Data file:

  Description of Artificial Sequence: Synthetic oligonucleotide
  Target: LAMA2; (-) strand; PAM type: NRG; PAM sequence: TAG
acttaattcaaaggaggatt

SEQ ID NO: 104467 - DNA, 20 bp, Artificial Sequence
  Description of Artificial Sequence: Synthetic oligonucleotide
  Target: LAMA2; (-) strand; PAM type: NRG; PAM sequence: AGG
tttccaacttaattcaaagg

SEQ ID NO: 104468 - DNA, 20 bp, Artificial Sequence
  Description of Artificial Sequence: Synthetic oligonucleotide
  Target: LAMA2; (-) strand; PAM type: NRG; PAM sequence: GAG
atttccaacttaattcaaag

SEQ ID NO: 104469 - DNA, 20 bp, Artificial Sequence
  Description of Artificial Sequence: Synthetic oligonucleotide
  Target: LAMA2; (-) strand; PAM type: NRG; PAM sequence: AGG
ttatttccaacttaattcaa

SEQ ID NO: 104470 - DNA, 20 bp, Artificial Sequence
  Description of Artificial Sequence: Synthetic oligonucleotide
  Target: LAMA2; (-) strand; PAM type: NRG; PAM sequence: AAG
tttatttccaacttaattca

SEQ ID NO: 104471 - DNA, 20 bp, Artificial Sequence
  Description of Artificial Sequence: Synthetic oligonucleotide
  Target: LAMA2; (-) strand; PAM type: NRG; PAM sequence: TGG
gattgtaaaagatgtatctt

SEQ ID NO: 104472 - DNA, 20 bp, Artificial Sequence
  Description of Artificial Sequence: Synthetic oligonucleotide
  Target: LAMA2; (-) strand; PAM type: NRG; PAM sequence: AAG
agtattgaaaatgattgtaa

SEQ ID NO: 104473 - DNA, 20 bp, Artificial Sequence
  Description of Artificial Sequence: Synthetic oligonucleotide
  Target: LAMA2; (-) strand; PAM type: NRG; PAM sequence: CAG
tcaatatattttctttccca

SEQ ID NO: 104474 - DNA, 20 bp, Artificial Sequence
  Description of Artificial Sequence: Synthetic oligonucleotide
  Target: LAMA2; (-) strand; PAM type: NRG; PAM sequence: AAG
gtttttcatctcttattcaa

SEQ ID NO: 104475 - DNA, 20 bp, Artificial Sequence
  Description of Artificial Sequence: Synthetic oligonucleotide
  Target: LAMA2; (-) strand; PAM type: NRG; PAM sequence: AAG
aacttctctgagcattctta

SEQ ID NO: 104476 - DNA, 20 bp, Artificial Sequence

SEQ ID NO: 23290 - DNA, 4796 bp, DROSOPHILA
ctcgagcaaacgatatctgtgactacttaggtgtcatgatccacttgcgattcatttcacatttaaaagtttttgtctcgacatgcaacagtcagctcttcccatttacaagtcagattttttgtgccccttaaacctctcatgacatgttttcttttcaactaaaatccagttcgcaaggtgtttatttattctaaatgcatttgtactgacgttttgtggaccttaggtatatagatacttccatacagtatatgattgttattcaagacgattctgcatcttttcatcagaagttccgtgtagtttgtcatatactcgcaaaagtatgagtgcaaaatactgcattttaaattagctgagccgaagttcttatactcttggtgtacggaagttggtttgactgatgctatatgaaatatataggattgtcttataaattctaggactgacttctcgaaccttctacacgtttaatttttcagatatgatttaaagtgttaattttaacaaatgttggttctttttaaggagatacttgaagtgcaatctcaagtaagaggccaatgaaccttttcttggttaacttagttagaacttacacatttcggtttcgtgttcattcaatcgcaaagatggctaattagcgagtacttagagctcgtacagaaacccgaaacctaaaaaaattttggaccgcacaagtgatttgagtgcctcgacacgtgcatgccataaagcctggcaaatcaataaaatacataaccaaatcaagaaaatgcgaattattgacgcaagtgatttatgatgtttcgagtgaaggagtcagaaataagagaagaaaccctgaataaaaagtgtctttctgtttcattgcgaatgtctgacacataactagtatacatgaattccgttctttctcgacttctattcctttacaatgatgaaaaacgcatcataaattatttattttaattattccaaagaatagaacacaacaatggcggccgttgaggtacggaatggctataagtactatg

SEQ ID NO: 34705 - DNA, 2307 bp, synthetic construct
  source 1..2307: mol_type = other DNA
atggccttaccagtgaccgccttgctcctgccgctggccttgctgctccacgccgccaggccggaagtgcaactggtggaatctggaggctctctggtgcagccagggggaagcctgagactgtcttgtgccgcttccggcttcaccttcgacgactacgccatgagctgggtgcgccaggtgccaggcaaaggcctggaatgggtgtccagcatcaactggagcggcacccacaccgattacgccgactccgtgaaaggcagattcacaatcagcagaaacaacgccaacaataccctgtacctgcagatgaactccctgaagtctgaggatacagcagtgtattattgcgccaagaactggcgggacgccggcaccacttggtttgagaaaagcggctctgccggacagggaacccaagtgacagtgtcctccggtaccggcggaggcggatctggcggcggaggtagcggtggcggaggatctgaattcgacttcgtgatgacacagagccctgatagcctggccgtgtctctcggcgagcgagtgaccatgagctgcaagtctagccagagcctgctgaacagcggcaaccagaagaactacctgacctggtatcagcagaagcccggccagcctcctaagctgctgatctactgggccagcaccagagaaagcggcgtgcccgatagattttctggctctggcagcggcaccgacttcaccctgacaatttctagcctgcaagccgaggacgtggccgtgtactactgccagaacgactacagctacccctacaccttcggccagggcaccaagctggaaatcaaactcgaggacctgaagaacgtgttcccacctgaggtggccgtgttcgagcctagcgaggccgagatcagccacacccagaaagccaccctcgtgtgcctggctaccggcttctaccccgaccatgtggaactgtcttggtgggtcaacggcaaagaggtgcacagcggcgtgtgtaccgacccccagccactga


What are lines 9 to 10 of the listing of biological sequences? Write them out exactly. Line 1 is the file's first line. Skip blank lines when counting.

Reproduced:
  Description of Artificial Sequence: Synthetic oligonucleotide
  Target: LAMA2; (-) strand; PAM type: NRG; PAM sequence: GAG